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Publication numberUS4697308 A
Publication typeGrant
Application numberUS 06/924,562
Publication dateOct 6, 1987
Filing dateOct 29, 1986
Priority dateOct 29, 1986
Fee statusPaid
Also published asCA1279792C, DE3766469D1, EP0266521A1, EP0266521B1
Publication number06924562, 924562, US 4697308 A, US 4697308A, US-A-4697308, US4697308 A, US4697308A
InventorsGlenn A. Sandberg
Original AssigneeFormax, Inc.
Export CitationBiBTeX, EndNote, RefMan
External Links: USPTO, USPTO Assignment, Espacenet
Patty molding mechanism for whole fiber food product
US 4697308 A
Abstract
A molding mechanism for molding food patties from a whole fiber food product (e.g. poultry breasts, fish filets, large pieces of pork muscle, etc.) comprising a mold plate interposed between planar surfaces of a cover member and a fill member and moving cyclically between a fill position and a discharge position, the mold plate including plural mold cavities that are aligned one-for-one with fill apertures in the fill member through which the food product is pumped under substantial pressure when the mold plate is in its fill position. A plurality of shear blades, one for each mold cavity, are positioned adjacent the fill member intermediate the fill and discharge positions of the mold plate; the shear blades are driven into engagement with the mold plate each time the mold plate moves toward its discharge position to shear food fibers trailing from the mold cavities between the mold plate and the fill member. A plurality of knives, projecting from the portions of the fill member intermediate the fill apertures, cut food product segments that would otherwise bridge those portions of the fill member.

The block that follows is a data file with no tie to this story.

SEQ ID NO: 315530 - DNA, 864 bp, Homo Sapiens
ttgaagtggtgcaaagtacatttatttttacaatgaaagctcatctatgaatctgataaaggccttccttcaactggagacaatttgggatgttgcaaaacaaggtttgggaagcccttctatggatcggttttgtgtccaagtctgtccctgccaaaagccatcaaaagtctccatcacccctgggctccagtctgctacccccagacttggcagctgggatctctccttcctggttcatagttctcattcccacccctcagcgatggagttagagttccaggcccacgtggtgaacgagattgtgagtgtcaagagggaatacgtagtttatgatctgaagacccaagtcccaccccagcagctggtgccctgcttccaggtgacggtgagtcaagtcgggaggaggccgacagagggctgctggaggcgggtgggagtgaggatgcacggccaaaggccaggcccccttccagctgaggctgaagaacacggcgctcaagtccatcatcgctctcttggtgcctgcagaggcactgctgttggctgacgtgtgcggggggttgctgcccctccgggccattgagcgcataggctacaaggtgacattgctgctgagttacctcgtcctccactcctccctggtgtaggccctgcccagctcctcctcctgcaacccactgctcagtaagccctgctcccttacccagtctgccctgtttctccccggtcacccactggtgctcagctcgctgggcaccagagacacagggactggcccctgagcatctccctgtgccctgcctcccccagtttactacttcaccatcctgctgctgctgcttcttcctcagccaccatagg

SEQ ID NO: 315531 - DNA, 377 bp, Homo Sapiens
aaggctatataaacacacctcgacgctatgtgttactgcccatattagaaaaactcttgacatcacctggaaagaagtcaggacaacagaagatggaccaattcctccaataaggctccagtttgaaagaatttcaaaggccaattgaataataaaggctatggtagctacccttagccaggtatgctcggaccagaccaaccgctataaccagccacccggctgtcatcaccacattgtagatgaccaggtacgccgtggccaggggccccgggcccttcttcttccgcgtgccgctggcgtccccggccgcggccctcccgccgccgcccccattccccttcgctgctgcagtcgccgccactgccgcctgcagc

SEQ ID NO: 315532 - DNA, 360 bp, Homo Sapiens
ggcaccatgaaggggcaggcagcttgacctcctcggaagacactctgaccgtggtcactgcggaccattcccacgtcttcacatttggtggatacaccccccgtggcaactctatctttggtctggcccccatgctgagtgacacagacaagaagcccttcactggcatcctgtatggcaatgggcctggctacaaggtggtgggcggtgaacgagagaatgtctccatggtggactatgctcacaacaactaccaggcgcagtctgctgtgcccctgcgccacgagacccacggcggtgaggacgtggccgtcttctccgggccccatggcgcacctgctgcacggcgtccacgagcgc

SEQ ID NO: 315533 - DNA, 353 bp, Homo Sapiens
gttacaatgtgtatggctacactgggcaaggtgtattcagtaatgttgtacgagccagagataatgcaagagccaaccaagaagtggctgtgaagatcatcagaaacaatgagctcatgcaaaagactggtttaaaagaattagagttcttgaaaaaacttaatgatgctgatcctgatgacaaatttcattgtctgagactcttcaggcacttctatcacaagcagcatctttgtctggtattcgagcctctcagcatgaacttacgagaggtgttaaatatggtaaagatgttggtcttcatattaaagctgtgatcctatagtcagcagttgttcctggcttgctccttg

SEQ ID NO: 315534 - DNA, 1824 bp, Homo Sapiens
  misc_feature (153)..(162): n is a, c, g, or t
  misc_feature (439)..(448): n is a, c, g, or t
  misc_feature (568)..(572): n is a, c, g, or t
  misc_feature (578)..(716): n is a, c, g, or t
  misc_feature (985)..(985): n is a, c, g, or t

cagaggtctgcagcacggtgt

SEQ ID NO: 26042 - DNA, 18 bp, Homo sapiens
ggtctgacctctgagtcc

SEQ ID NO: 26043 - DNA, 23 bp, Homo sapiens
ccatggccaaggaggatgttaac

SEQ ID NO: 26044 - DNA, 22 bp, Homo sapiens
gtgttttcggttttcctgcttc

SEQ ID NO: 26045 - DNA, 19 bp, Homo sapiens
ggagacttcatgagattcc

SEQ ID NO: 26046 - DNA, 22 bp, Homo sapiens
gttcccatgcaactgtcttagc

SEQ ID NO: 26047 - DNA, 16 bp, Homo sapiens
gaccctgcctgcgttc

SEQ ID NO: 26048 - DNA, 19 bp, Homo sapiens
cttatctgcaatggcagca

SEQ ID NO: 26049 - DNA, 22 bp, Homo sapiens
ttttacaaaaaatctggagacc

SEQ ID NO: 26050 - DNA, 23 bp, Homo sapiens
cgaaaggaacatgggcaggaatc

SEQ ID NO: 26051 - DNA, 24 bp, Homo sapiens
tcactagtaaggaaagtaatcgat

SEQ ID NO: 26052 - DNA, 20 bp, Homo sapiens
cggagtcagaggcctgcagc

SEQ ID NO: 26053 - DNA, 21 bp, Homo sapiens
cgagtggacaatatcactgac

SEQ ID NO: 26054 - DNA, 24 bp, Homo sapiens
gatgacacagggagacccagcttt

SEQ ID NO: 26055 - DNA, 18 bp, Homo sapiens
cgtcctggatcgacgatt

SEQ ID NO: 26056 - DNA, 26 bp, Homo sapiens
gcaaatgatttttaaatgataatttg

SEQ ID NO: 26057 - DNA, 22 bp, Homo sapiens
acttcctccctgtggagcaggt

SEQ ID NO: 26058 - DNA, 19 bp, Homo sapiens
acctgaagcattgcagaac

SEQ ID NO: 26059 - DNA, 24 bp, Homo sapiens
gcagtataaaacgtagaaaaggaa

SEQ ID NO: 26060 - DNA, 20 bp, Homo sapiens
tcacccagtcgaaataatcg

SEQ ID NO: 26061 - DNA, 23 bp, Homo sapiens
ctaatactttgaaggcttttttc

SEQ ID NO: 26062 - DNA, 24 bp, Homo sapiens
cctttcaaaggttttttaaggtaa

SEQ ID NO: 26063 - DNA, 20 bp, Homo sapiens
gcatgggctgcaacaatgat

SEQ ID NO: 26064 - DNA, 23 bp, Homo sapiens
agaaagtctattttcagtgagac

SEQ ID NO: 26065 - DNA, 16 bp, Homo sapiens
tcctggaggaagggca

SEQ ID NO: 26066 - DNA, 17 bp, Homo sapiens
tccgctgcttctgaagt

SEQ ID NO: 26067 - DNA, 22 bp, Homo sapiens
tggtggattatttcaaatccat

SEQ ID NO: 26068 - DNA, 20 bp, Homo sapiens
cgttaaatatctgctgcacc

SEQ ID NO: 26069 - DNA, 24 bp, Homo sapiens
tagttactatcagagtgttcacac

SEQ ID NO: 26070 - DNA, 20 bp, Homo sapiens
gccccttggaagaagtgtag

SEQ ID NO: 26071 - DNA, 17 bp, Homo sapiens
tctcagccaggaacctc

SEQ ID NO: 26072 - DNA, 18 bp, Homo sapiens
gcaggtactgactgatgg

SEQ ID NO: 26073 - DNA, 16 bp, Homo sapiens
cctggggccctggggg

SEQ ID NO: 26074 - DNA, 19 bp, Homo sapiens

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Claims(17)
I claim:
1. A molding mechanism for molding food patties from a whole fiber food product, comprising: